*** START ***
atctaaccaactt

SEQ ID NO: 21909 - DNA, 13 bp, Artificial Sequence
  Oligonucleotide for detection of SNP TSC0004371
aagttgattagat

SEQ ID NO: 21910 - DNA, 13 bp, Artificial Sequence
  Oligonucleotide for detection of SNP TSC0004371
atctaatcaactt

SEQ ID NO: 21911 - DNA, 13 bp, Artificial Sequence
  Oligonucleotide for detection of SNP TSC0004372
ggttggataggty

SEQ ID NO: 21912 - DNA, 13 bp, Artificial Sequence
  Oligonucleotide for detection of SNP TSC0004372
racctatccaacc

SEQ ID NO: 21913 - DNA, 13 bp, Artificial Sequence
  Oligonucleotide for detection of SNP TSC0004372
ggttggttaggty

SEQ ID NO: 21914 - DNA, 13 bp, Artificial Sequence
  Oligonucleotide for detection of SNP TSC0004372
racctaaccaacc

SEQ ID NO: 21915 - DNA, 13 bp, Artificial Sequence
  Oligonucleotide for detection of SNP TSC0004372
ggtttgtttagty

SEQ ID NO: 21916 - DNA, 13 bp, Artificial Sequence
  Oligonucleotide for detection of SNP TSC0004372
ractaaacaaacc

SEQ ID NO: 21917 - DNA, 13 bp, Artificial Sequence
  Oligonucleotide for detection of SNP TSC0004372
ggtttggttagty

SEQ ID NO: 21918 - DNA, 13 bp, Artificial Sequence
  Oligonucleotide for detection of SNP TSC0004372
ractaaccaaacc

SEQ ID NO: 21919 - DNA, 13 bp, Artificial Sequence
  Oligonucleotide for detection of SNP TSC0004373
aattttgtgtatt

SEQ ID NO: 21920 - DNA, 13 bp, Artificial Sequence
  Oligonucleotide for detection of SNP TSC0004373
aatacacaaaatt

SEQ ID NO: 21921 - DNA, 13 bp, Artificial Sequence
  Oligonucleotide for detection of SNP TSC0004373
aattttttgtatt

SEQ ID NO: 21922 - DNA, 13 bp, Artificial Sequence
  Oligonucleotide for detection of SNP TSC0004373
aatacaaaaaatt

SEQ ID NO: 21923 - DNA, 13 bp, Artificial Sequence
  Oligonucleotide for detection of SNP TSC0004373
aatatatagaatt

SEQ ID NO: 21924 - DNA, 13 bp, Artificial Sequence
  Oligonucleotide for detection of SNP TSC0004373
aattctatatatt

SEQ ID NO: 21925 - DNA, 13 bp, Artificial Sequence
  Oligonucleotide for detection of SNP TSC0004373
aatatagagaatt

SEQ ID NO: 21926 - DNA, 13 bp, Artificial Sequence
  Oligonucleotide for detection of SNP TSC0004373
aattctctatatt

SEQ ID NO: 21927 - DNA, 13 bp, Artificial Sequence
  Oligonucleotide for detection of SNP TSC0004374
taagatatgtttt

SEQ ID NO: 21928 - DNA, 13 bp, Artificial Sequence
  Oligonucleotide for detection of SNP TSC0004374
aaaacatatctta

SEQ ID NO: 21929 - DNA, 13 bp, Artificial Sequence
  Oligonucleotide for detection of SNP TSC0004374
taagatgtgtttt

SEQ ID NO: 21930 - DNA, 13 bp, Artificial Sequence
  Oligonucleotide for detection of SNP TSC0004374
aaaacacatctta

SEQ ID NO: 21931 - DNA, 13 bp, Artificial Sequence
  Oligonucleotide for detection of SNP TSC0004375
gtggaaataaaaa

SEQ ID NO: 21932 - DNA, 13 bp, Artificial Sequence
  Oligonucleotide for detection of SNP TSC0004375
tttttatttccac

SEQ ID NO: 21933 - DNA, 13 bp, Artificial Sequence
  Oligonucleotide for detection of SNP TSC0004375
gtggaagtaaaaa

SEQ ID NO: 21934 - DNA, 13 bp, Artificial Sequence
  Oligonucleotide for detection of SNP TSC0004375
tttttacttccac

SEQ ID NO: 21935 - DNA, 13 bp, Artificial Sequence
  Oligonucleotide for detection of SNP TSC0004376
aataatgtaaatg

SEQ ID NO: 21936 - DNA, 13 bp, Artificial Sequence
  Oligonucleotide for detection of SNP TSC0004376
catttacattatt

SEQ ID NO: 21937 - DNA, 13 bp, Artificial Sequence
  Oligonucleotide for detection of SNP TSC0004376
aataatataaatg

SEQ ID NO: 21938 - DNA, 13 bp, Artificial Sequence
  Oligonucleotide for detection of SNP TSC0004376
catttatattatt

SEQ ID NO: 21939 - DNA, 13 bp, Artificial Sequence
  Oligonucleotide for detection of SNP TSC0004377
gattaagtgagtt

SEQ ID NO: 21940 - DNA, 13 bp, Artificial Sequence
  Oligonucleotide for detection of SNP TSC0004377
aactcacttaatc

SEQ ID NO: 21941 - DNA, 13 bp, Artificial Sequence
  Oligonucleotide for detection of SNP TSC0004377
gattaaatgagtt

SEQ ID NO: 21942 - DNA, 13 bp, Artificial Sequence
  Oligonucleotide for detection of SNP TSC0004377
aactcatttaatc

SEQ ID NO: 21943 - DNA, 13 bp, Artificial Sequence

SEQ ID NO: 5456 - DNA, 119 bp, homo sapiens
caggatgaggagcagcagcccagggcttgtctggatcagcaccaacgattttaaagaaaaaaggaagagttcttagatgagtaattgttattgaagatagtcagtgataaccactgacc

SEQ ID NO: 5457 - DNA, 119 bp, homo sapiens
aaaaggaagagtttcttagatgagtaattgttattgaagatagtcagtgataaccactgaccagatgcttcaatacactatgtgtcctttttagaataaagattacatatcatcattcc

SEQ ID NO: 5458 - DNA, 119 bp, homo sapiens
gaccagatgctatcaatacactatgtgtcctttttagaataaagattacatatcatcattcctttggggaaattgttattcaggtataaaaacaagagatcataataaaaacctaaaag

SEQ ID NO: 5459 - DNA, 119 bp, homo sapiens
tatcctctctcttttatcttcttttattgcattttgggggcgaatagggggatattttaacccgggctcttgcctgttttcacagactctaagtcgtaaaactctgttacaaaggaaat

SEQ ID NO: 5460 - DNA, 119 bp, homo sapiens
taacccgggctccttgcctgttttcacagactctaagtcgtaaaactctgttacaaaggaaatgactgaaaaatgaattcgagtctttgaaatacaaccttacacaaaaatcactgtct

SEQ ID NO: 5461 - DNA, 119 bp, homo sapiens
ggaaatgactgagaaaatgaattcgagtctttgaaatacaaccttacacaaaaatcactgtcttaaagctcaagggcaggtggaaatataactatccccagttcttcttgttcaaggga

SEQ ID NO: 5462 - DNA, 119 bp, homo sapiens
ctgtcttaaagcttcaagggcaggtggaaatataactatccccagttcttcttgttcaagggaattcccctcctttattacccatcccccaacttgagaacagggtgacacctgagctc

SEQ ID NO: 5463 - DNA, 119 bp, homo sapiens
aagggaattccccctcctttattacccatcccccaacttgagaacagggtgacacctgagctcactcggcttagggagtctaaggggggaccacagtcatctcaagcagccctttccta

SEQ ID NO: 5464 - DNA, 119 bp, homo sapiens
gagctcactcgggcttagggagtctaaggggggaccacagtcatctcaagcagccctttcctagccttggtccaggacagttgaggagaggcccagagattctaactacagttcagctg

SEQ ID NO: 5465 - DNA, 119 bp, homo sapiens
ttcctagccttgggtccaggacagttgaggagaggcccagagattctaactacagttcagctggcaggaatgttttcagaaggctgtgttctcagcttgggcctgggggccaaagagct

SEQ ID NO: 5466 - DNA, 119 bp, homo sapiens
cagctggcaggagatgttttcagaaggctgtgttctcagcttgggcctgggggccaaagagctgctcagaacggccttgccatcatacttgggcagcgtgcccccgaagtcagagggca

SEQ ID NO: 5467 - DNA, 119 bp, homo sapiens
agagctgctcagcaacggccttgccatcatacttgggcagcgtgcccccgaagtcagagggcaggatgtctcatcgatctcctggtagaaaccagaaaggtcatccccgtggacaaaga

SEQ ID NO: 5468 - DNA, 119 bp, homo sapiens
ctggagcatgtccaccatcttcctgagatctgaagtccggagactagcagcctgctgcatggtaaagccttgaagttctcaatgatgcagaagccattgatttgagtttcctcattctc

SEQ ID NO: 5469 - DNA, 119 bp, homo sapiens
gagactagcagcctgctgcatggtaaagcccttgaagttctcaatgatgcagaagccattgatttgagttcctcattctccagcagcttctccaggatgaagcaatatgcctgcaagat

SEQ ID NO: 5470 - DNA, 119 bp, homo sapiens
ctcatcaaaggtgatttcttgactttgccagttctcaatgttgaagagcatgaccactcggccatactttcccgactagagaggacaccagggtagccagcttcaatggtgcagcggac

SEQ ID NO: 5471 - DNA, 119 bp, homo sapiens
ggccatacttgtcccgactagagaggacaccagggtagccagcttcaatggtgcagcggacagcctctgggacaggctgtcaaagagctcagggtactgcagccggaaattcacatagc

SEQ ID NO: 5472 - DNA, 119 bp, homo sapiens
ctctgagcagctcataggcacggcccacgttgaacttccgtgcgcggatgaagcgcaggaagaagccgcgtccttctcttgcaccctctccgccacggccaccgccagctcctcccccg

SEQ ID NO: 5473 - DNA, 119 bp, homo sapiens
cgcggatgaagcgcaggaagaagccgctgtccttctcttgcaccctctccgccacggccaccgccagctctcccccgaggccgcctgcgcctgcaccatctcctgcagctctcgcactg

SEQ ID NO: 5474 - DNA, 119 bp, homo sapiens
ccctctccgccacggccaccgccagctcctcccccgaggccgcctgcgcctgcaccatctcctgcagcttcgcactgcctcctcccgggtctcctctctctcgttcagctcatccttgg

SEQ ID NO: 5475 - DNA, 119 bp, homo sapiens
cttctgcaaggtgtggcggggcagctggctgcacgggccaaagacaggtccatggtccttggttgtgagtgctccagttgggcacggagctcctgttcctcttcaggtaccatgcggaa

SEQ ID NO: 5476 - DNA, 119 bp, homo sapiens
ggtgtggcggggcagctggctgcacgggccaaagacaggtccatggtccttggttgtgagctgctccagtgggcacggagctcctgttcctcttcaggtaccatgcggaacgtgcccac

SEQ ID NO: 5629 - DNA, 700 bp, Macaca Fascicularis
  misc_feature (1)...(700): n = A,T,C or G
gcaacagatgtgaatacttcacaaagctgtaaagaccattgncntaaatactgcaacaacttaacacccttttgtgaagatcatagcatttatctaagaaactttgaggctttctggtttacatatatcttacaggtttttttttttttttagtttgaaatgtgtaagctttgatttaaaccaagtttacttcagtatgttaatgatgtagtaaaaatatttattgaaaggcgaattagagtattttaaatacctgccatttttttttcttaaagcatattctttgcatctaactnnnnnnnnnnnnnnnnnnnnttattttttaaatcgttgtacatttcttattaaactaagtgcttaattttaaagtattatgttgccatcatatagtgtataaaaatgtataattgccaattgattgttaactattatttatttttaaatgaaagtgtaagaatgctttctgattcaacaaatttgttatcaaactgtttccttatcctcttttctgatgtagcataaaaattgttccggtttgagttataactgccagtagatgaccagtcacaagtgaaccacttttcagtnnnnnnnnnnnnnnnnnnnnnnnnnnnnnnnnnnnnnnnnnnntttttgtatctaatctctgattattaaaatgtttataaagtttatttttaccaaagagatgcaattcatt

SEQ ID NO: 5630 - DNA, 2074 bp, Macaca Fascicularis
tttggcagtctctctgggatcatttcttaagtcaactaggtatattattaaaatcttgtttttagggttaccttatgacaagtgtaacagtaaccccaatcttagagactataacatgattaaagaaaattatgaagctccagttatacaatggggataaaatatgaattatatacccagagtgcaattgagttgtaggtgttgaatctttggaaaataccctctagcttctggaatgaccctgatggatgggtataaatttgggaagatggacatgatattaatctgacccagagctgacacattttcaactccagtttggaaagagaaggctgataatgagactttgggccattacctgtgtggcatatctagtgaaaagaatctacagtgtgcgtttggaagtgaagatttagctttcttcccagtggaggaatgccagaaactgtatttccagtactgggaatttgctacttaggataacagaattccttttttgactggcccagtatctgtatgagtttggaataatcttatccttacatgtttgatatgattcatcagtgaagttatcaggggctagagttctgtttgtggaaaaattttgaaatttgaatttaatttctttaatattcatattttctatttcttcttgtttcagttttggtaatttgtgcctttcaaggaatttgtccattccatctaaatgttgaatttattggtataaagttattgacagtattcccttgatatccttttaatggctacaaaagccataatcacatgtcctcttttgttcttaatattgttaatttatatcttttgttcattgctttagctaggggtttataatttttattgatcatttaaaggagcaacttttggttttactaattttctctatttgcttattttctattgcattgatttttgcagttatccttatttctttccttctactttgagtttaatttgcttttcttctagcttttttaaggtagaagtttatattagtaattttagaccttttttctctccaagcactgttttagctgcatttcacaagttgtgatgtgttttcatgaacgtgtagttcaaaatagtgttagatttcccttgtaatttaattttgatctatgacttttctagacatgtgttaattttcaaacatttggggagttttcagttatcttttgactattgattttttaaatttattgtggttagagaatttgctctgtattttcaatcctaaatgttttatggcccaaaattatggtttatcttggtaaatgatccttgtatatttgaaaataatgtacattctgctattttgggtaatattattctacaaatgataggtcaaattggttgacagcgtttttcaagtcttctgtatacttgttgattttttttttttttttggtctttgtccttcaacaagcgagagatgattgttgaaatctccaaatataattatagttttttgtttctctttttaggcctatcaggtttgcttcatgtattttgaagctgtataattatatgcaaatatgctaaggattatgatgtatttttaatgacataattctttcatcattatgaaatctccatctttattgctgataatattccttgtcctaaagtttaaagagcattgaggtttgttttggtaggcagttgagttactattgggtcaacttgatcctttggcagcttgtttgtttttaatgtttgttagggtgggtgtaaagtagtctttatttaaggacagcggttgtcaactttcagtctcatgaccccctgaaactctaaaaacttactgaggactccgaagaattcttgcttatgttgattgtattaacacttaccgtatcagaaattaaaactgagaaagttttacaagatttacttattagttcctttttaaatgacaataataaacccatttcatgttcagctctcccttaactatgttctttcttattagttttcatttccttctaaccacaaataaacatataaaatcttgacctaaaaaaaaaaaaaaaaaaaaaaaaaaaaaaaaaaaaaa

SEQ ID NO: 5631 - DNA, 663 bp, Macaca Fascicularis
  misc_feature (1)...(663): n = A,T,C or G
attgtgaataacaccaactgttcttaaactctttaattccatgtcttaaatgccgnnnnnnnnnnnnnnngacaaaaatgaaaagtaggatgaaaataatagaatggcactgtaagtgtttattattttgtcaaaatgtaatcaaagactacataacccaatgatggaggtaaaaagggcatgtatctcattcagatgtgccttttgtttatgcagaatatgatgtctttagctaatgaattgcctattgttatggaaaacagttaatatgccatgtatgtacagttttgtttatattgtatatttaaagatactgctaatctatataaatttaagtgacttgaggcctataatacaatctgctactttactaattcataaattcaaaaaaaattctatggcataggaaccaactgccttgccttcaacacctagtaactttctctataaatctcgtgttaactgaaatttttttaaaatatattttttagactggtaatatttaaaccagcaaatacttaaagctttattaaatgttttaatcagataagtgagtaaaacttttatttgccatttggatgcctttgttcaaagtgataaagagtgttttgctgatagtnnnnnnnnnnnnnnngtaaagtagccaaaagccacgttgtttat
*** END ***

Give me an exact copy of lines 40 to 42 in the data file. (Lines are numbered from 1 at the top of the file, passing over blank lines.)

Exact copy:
aattttttgtatt

SEQ ID NO: 21922 - DNA, 13 bp, Artificial Sequence
  Oligonucleotide for detection of SNP TSC0004373